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And say she uttereth piercing eloquences
of hearing; They call me Katharine, that do talk of me.
Pet. You lie, in faith; for you are callid plain Kate, And bonny Kate, and sometimes Kate the curst; But Kate, the prettiest Kate in Christendom, Kate of Kate - Hall, my super - dainty Kate, For dainties are all cates: and therefore, Kate, Take this of me, Kate of my consolation; Hearing thy mildness prais'd in every town, Thy virtues spoke of, and thy beauty sounded, (Yet' not so deeply as to thee belongs, ) Myself am mov'd to woo thee for my wife. Kath. Mov'd! in good time: let him that mov'd
you hither, Remove'yon hence: I knew you at the first, You were a moveable.
Pet. Why, what's a moveable ? Kath. A joint-stool. Pet. Thou hast hit it: come, sit on me. Kath. 'Asses are made to bear, and so are you. Pet. Women are made to bear, and so are you. ''Kath. No such jade, Sir, as you, if me you mcan.
Pet. Alas, good Kate! I will not burthen thee: For, knowing thee to be but young and ght,
Kath. Too light for such a swain as you to catch; And yet as heavy as my weight should be.
Pet. Should be ? should buz.
thee? Kath. Ay, for a turtle; as he takes a bizzard. Pet. Come, come, you wasp; i'fáith, you are too
angry. Kath. If I be waspish, best beware my sting. Pet. My remedy is then, to pluck it out. Kath. Ay, if the fool could find it where it lies. Pet. Who knows not where a wasp doth wear his
sting? In his tail.
Kath. In his tongue
[ Striking him. Pet. I swear I'll cuff you, if you strike again.
Kath. So may you lose your arms: If you strike me, you are no gentleman; And if no gentleman, why, then no arms. Pet. A herald, Kate? 0, put me in thy books. Kath. What is your crest? a.coxcomb? Pet. A combless cock, so Kate will be my hen. Kath. No cock of mine, you crow too like a craven. Pet. Nay, come, Kate, come; you must not look
Kath. It is my fashion, when I see a crab.
Pet. What, you mean my face?
not so. Kath. I'chafe you, if I tarry; let me go.
Pet. No, not a whit; I find your passing gentle. 'Twas told me, you were rongh, and coy, and sullen, And now I find report a very liar; l'or thou art, pleasant, gamesome, passing courteous; But slow in speech, yet sweet as spring-time flowers: Thou canst not frown, thou canst not look askanće, Nor bite the lip, as angry weiches will; Nor hast thou pleasure to be cross in talk; But thou with miliness entertain'st thy wooers, With gentle conference, soft and affable, Why does the world report, that Kate doth limp? O slanderous world! Kate, like the hazle-twig, Is straight, and slender; and as brown in hụe, As hazle nuts, and sweeter than the kernels. 0, let me see thee walk: thou dost not halt.
Kath. Go, fool, and whom thou keep'stcommand,
Pet. Did cver Dian so become a grove,
Kath. Where did you study all this goodly speech?
And therefore, setting all this chat aside,
Re-enter BAPTISTA, GREMIO, and TAANIO.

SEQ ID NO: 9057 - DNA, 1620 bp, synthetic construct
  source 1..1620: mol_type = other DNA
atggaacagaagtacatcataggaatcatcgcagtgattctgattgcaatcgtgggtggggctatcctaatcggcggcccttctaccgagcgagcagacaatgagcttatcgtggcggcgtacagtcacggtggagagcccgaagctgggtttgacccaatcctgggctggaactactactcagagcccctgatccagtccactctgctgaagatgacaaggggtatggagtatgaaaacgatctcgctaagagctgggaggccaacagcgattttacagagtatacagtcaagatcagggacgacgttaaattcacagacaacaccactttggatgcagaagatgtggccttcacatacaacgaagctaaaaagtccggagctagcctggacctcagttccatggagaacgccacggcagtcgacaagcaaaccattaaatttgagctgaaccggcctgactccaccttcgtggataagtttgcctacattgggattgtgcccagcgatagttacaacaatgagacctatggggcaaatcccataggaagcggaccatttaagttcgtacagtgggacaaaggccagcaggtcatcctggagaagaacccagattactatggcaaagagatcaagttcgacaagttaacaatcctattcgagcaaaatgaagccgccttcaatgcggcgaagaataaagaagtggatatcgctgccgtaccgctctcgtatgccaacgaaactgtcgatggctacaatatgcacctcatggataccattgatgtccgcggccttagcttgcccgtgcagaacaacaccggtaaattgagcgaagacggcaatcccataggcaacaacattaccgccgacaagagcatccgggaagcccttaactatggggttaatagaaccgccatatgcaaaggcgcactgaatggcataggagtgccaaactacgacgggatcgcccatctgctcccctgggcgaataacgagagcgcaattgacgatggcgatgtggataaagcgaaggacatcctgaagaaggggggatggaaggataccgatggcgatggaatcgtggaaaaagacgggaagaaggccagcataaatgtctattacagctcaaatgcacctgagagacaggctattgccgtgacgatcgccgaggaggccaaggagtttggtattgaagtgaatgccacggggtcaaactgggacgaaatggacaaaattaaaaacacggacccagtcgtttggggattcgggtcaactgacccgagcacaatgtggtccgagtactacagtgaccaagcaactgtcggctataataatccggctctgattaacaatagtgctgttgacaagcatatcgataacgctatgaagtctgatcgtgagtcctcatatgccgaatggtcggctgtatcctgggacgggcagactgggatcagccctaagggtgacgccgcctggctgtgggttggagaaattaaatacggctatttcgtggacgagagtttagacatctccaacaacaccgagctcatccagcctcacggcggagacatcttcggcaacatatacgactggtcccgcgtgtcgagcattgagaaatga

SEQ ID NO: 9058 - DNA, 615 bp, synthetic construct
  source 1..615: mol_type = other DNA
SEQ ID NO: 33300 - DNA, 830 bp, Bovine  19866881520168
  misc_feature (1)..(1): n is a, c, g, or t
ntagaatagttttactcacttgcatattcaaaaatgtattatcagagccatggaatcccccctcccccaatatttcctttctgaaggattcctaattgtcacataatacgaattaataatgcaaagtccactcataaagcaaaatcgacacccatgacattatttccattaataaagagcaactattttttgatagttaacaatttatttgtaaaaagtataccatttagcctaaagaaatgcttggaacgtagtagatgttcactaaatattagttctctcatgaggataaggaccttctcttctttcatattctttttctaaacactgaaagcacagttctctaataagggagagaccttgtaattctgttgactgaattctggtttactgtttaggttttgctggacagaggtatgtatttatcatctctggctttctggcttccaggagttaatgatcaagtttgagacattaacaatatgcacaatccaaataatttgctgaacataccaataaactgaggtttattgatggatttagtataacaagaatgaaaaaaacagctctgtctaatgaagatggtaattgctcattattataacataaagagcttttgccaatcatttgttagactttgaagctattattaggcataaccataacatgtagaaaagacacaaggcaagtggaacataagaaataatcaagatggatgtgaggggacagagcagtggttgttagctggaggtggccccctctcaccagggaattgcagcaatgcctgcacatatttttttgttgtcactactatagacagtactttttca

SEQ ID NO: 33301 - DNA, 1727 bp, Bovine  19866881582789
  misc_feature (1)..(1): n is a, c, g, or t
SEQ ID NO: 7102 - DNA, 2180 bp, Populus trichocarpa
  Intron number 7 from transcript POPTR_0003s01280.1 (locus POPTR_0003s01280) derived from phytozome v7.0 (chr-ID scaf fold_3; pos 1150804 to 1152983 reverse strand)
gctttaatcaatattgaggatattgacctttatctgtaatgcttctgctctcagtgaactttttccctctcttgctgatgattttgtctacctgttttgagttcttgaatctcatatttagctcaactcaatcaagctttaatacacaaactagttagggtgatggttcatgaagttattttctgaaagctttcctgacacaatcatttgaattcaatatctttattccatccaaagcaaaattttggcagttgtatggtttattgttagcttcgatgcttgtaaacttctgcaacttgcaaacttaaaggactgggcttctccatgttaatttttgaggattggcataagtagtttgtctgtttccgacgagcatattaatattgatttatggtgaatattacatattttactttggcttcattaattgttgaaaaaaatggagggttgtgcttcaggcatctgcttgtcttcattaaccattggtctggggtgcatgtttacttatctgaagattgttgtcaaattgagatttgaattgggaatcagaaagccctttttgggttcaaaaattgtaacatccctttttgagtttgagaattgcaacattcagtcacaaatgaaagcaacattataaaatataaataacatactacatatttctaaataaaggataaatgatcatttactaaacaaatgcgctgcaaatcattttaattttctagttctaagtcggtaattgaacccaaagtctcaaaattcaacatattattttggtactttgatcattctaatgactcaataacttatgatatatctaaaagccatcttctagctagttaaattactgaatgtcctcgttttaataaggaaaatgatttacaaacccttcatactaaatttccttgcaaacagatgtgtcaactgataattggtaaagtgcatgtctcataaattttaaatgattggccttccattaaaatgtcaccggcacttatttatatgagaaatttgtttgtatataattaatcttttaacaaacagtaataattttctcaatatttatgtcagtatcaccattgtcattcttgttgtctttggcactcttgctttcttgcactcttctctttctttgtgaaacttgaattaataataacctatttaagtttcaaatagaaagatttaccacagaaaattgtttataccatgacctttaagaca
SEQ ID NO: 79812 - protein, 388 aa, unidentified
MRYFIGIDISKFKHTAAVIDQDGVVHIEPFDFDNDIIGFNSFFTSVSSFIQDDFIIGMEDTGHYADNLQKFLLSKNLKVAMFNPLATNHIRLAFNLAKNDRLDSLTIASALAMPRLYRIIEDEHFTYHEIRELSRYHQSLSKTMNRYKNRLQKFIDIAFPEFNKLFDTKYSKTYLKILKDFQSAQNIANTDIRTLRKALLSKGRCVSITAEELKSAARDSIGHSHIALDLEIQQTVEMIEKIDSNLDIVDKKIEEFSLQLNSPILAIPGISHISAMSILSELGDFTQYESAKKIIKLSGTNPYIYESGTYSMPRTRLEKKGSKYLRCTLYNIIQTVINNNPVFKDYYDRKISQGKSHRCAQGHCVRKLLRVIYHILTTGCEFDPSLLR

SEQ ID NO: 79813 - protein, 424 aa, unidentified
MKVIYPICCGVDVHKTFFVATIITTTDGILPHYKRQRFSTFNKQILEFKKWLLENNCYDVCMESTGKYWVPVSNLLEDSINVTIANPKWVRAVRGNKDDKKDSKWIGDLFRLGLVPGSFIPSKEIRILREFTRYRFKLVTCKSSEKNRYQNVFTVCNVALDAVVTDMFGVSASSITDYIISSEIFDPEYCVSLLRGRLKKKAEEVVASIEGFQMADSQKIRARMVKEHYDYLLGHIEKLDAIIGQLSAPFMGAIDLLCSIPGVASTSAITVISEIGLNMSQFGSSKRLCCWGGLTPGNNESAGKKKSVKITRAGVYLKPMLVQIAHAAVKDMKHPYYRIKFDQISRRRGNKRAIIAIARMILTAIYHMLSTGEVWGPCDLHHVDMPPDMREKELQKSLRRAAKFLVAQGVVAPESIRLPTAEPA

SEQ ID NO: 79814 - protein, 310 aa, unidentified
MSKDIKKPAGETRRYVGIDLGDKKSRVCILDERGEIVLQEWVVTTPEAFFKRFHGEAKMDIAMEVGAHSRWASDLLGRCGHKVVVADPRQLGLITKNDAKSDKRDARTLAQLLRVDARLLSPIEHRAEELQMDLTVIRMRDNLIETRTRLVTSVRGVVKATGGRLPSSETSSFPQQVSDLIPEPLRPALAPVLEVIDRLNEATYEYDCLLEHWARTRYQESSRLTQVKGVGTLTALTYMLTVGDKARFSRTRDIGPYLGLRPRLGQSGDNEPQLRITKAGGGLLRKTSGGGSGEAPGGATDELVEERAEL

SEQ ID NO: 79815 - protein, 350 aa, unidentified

Pet How but well, Sir? how but well?
your dunyps ? Kath. Call you me, daughter? now, I promise you, You have show'd a tender fatherly regard, To wish me wed to one half lunatick; A mad-cap ruffian, and a swearing Jack, That'thinks with oaths' to face the matter out.
Pet. Father, 'tis thus, - yourself and all the world, That talk'd of her, have talk'd amiss of her; If she be curst, it is for policy: For she's not froward, but modest as the dove; She is not hot, but temperate as the morn; For patience she will prove a seconde Grissel; And Roman Lucrece for her chastity: And to conclude, we have 'greed so well together, That, upon sunday is the wedding day,
Kath. I'll see thee hang'd on sunday first. i Gre. Hark, Petruchio! she says, she'll see thee
hang'd first. Trå. Is this your speeding ? nay, then, good night
our part! Pet. Be patient, Gentlemen; I choose her for myself; If she and I be pleas'd, what's that to you? 'Tis bargain'd 'twixt ns twain, being alone, That she shall still be curst in company. I tell yon, 'tis incredible to believe How much she loves me. 0, the kindest Kate! She hung abont my neck; and kiss on kiss She vied so fast, protesting oath on oath, That in a twink she won me to her love. 0, you are novices ! 'tis a world to see, How tame, when men and women are alone, A meacock wretch can make the curstest shrew. Give me thy hand, hate, I will unto Venice, To buy apparel 'gainst the wedding-day: Provide the feast, father, and bid the guests; I will be sure, my Katharine shall be fine. Bap. I know not what to say: but give me your
hamis ; God send you joy, Petruchio! 'tis a match,
Gre, Tra. Ameri, say we; we will be witnesses.
Pet. Father, and wife, and gentlemen, adieu; I will.to Venice, sunday comes apace: We will have rings, and things, and fine array; And kiss me, Kate, we will be married o' sunday.
(Exeunt PETAUCHio and KATHARINE, severallyi Gre. Was ever match clap'd up so, suddenly ? Bap. Faith, Gentlemen, now I play a merchant's
| part, 1 And venture madly on a desperate mart.
Įra, 'Twas a commodity lay fretting by you: "Twill bring you gain, or perish on the sea's.